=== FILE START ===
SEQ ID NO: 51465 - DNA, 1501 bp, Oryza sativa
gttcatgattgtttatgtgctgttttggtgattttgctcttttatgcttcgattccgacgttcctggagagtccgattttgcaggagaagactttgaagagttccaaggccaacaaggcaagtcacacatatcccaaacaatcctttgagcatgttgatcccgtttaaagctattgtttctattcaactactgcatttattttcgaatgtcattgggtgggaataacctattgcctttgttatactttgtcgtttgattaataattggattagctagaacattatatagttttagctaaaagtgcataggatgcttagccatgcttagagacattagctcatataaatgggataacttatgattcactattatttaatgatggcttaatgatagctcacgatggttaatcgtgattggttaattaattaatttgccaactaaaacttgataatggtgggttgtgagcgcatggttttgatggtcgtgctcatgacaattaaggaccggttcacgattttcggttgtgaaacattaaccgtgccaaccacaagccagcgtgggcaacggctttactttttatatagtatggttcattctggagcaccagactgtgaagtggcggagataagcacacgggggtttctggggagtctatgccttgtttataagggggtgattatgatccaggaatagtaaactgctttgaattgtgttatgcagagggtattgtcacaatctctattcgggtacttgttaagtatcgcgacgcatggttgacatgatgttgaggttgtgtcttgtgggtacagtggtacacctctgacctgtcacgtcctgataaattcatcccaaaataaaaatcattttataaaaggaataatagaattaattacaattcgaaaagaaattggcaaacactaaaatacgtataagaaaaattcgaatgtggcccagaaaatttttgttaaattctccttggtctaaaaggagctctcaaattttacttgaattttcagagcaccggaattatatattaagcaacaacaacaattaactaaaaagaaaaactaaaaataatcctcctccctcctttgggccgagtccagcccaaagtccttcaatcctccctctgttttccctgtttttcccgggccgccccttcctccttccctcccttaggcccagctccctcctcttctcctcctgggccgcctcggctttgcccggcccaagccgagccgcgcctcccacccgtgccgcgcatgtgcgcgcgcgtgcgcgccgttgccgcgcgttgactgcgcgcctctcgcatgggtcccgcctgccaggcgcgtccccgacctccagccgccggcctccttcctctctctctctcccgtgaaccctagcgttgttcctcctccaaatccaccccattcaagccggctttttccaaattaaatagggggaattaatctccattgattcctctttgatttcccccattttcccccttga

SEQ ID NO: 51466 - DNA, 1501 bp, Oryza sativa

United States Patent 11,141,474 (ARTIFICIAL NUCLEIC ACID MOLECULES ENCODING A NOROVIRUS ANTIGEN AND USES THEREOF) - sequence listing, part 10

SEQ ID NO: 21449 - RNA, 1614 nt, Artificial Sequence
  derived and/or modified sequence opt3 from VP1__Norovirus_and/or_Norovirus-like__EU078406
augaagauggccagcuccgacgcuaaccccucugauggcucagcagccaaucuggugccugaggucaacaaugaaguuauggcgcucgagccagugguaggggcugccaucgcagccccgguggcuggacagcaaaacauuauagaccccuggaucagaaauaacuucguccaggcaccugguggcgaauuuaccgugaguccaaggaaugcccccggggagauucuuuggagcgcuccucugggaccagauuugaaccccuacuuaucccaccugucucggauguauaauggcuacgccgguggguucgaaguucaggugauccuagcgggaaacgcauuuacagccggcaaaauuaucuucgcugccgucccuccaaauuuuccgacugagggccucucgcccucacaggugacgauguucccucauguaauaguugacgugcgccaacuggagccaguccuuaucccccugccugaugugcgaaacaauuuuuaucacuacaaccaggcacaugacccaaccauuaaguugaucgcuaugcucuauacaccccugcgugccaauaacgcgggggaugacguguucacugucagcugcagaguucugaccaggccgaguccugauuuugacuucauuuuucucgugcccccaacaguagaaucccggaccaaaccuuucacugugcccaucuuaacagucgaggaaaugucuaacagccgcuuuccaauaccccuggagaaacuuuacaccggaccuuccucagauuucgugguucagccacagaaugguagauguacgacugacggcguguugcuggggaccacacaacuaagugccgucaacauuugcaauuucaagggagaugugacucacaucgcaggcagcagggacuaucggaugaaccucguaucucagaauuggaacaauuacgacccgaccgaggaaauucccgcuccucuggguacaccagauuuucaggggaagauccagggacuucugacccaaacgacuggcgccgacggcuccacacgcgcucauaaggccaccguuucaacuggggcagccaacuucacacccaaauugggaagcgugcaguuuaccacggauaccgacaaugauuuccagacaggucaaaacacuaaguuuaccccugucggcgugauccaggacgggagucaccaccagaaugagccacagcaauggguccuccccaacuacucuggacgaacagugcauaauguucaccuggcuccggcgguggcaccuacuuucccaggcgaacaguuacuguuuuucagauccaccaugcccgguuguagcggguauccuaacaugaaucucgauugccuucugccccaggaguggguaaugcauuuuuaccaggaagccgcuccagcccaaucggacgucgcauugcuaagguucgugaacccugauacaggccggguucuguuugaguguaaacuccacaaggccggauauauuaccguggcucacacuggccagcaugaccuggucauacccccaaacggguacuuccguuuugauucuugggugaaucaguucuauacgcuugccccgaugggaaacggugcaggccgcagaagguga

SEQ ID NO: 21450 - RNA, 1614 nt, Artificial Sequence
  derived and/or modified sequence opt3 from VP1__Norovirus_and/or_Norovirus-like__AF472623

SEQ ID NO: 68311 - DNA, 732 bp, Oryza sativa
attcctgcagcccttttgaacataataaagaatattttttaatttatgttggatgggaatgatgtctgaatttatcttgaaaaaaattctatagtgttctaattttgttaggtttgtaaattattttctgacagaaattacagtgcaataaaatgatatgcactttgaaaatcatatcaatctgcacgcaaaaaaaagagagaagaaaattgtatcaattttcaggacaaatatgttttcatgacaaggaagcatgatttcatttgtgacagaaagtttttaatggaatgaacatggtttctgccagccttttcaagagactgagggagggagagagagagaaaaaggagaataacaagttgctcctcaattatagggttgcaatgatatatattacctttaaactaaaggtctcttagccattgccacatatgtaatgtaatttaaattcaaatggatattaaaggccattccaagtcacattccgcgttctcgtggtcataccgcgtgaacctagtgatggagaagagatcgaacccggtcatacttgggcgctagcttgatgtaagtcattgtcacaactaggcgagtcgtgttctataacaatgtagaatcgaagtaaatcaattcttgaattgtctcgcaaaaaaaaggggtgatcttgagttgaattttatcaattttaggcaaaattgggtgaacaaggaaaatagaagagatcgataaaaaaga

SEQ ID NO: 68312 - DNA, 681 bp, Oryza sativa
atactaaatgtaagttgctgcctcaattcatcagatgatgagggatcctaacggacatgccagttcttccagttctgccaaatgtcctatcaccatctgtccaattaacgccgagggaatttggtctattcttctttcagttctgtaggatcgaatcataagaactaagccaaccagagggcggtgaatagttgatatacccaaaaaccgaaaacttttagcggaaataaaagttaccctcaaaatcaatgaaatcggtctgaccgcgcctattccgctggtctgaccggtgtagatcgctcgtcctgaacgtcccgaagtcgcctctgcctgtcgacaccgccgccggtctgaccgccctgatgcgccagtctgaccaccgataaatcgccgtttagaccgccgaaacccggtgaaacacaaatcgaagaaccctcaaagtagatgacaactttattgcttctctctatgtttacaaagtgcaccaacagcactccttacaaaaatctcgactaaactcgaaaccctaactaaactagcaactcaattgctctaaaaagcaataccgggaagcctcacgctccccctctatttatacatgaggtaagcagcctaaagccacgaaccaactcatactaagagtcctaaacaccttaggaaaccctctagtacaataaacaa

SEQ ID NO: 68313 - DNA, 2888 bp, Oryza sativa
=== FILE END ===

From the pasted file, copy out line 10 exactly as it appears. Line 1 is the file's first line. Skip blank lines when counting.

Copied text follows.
SEQ ID NO: 68311 - DNA, 732 bp, Oryza sativa